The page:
Pioneer of Conceptualism Claude Rutault Opens Must-See Show at Off Paradise in New York
A project 43 years in the making, the installation is based on a proposal by one of the most important French artists of his generation
If there ever was an age of innocence in the New York art world, it might have been in the 1970s, when Conceptual art was cool and selling it rarely mattered. It was during this time that Claude Rutault, one of the most important French artists of his generation and a pioneer of Conceptualism, was an artist-in-residence at the Institute for Art and Urban Resources, now MoMA PS1. Exploring the avant-garde art scene in SoHo and TriBeCa in 1978, he met like-minded artists Christopher D’Arcangelo and Peter Nadin, who had just launched an art space for experimentation in the latter’s loft at 84 West Broadway, where fellow French Conceptualist Daniel Buren was exhibiting.
Seeing a relationship between the ideas being investigated at 84 West Broadway and the category of art he was exploring in his work, Rutault made a proposal to Nadin for the realization of one of his conceptual pieces. However, due to the tragic suicide of D’Arcangelo, the run of shows at 84 West Broadway came to a quick end and Rutault’s proposal remained an idea on paper. It was filed away in the artist’s archive, until now, when it has finally been completed for the exhibition “A Proposal to Peter Nadin,” which is on view through February 19 at Off Paradise in New York.
Off Paradise founder Natacha Polaert discovered the unrealized work when she was researching Rutault’s archive for another project in 2014. She told Rutault that she would find Nadin to complete the concept, which proposed a canvas being painted the same color as the wall. One of Rutault’s signature styles of conceptually creating a painting, which purely exists as written instructions executed by a “charge-taker,” the idea has been repeatedly realized to make his works for exhibitions around the world since the first one was created in 1973.
Mindful of the 43-year gap between Rutault’s conception of the artwork and its execution, Nadin painted a canvas in a lemon-yellow color 42 times on the white walls and floor opposite the yellow wall that would hold the final painting. Expressively outlining the canvas with a wide brush each time he painted it, he produced 42 ghost paintings on the walls, floor and an emergency exit door of the gallery before painting it one more time—according to the instructions, which are visually displayed—in the place that it will remain throughout the show.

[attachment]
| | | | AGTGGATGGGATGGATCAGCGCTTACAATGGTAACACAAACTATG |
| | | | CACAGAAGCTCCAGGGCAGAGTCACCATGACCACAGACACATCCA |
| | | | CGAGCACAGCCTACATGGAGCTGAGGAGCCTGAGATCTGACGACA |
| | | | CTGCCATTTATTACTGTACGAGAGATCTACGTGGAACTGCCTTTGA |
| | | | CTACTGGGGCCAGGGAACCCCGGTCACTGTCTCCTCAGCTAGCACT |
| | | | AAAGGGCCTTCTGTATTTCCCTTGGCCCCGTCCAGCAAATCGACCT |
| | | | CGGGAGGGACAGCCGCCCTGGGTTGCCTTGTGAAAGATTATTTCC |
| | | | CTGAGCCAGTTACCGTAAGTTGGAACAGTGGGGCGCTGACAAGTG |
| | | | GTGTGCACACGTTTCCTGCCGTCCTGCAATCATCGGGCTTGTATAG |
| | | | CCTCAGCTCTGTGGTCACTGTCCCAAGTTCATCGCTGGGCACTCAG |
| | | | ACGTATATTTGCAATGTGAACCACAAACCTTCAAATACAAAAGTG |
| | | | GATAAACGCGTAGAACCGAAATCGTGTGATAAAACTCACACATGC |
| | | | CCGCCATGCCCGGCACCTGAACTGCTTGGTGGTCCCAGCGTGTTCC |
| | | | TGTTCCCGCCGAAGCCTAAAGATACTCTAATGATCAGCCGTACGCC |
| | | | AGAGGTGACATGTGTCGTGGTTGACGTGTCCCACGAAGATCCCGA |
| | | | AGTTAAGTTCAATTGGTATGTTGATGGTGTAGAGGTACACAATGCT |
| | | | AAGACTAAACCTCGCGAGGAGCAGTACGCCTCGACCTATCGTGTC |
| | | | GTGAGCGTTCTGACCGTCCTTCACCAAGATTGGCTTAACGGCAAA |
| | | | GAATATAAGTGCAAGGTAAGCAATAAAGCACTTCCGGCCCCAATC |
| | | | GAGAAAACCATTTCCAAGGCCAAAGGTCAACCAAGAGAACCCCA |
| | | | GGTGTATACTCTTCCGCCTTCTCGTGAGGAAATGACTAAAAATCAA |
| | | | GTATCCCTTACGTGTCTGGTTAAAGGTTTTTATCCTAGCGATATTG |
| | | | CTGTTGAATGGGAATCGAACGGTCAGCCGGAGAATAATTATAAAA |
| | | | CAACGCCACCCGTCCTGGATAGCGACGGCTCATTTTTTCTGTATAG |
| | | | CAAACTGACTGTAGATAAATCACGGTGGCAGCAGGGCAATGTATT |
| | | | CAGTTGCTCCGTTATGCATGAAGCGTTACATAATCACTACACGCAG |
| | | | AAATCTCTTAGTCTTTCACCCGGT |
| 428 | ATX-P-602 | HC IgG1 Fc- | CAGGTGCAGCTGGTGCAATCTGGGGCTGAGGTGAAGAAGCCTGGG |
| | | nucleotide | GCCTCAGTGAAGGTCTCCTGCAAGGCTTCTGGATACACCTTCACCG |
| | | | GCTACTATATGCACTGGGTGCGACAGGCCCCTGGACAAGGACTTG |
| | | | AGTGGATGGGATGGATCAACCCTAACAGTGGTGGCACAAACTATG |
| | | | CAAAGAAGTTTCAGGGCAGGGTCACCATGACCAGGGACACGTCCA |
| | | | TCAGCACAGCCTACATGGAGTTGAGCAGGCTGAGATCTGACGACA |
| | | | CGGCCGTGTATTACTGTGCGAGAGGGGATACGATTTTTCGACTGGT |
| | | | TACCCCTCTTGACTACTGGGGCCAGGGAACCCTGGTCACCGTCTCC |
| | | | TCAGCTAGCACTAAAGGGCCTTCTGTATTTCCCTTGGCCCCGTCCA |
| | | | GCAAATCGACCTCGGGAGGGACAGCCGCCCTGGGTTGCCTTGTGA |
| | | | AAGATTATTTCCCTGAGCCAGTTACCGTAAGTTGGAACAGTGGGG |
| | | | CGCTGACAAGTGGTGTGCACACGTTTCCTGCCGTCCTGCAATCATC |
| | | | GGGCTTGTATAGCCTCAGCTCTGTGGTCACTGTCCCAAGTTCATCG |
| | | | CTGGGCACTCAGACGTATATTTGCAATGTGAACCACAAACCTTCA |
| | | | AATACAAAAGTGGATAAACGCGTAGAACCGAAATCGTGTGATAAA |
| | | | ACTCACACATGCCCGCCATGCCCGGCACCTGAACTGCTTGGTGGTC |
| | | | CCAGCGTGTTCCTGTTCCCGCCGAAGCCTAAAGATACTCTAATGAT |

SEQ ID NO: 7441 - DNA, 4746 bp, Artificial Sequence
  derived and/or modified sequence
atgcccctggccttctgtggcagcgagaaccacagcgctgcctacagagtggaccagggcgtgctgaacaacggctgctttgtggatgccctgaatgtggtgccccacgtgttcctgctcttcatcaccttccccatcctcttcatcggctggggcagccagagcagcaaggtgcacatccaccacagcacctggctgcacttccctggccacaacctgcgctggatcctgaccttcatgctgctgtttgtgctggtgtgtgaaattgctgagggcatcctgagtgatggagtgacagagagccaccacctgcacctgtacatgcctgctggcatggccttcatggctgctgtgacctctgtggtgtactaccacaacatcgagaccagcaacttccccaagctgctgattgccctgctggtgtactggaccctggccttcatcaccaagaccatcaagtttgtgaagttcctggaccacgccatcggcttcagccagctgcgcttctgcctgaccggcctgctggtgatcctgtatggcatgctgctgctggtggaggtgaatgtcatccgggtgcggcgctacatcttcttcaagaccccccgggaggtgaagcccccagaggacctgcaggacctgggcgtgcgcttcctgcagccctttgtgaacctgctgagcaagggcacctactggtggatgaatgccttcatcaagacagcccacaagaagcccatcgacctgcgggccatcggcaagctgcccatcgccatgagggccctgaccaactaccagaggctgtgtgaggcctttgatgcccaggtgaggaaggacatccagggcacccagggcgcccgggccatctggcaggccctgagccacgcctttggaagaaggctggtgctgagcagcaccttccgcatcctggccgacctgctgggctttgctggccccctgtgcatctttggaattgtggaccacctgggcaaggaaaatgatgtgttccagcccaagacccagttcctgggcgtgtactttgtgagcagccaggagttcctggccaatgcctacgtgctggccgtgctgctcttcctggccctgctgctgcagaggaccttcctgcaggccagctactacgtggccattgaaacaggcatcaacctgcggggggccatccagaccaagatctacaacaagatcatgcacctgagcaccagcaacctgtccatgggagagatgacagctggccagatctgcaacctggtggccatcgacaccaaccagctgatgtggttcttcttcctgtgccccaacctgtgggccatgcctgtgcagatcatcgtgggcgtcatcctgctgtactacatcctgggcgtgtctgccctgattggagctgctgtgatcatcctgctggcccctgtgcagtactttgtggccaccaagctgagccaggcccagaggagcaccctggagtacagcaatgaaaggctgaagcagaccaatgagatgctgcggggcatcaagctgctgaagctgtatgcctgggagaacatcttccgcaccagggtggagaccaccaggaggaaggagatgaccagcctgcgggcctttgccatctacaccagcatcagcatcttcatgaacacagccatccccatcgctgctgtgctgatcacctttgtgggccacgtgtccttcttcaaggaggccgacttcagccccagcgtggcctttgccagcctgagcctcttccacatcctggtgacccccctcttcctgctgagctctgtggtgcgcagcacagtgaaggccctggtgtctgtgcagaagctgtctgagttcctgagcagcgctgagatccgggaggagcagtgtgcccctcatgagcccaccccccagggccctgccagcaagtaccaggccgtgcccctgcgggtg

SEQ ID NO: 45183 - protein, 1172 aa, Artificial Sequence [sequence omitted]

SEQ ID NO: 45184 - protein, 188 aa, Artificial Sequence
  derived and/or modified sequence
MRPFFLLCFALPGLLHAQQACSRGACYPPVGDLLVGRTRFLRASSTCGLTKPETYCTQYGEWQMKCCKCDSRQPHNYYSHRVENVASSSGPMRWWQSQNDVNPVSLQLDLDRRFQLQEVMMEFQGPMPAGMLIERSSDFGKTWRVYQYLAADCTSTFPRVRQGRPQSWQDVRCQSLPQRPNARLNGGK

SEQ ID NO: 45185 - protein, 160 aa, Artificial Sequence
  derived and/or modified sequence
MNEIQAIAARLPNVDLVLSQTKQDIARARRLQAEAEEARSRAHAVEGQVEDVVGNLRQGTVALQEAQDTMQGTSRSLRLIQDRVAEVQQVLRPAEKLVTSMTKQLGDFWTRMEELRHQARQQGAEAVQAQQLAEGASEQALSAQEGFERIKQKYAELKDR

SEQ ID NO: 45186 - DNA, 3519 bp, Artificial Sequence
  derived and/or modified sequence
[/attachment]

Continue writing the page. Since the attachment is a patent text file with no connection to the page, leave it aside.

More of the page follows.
Curiously, the ghost paintings leave a trail back to the TriBeCa neighborhood that initially inspired the piece, and where Off Paradise now happens to be. Other parallels haunt the show as well, such as Rutault having other people construct his work and Nadin and D’Arcangelo considering the construction work that they were doing for a living at the time as their artwork. They even saw the construction of the exhibition space at 84 West Broadway as the art in the inaugural show, which was ironically titled “30 days work.”
Pieces of ephemera add context to the Off Paradise show, including a 1978 portrait of Rutault in New York; notes on what he saw in New York that he printed as a post card and distributed as a lecture when he returned to Paris; a section of the wall that artist Sean Scully painted for his show; and photos from the final exhibition.
After it closed, Nadin continued to let friends use the space to make their work and present an occasional show or performance event. Returning to painting in 1982, he took a postmodernist approach to the medium, creating a cross between a still life and landscape using bold painterly brushwork—not too distant from the way he painted the artwork for Rutault.
And like the way in which 84 West Broadway functioned, with one show building off the next, Nadin’s paintings of lemon trees growing in a greenhouse on his farm in the Catskills will follow Rutault’s show at Off Paradise in March. The lemon-yellow will still be present, but it will be visible in a completely different form.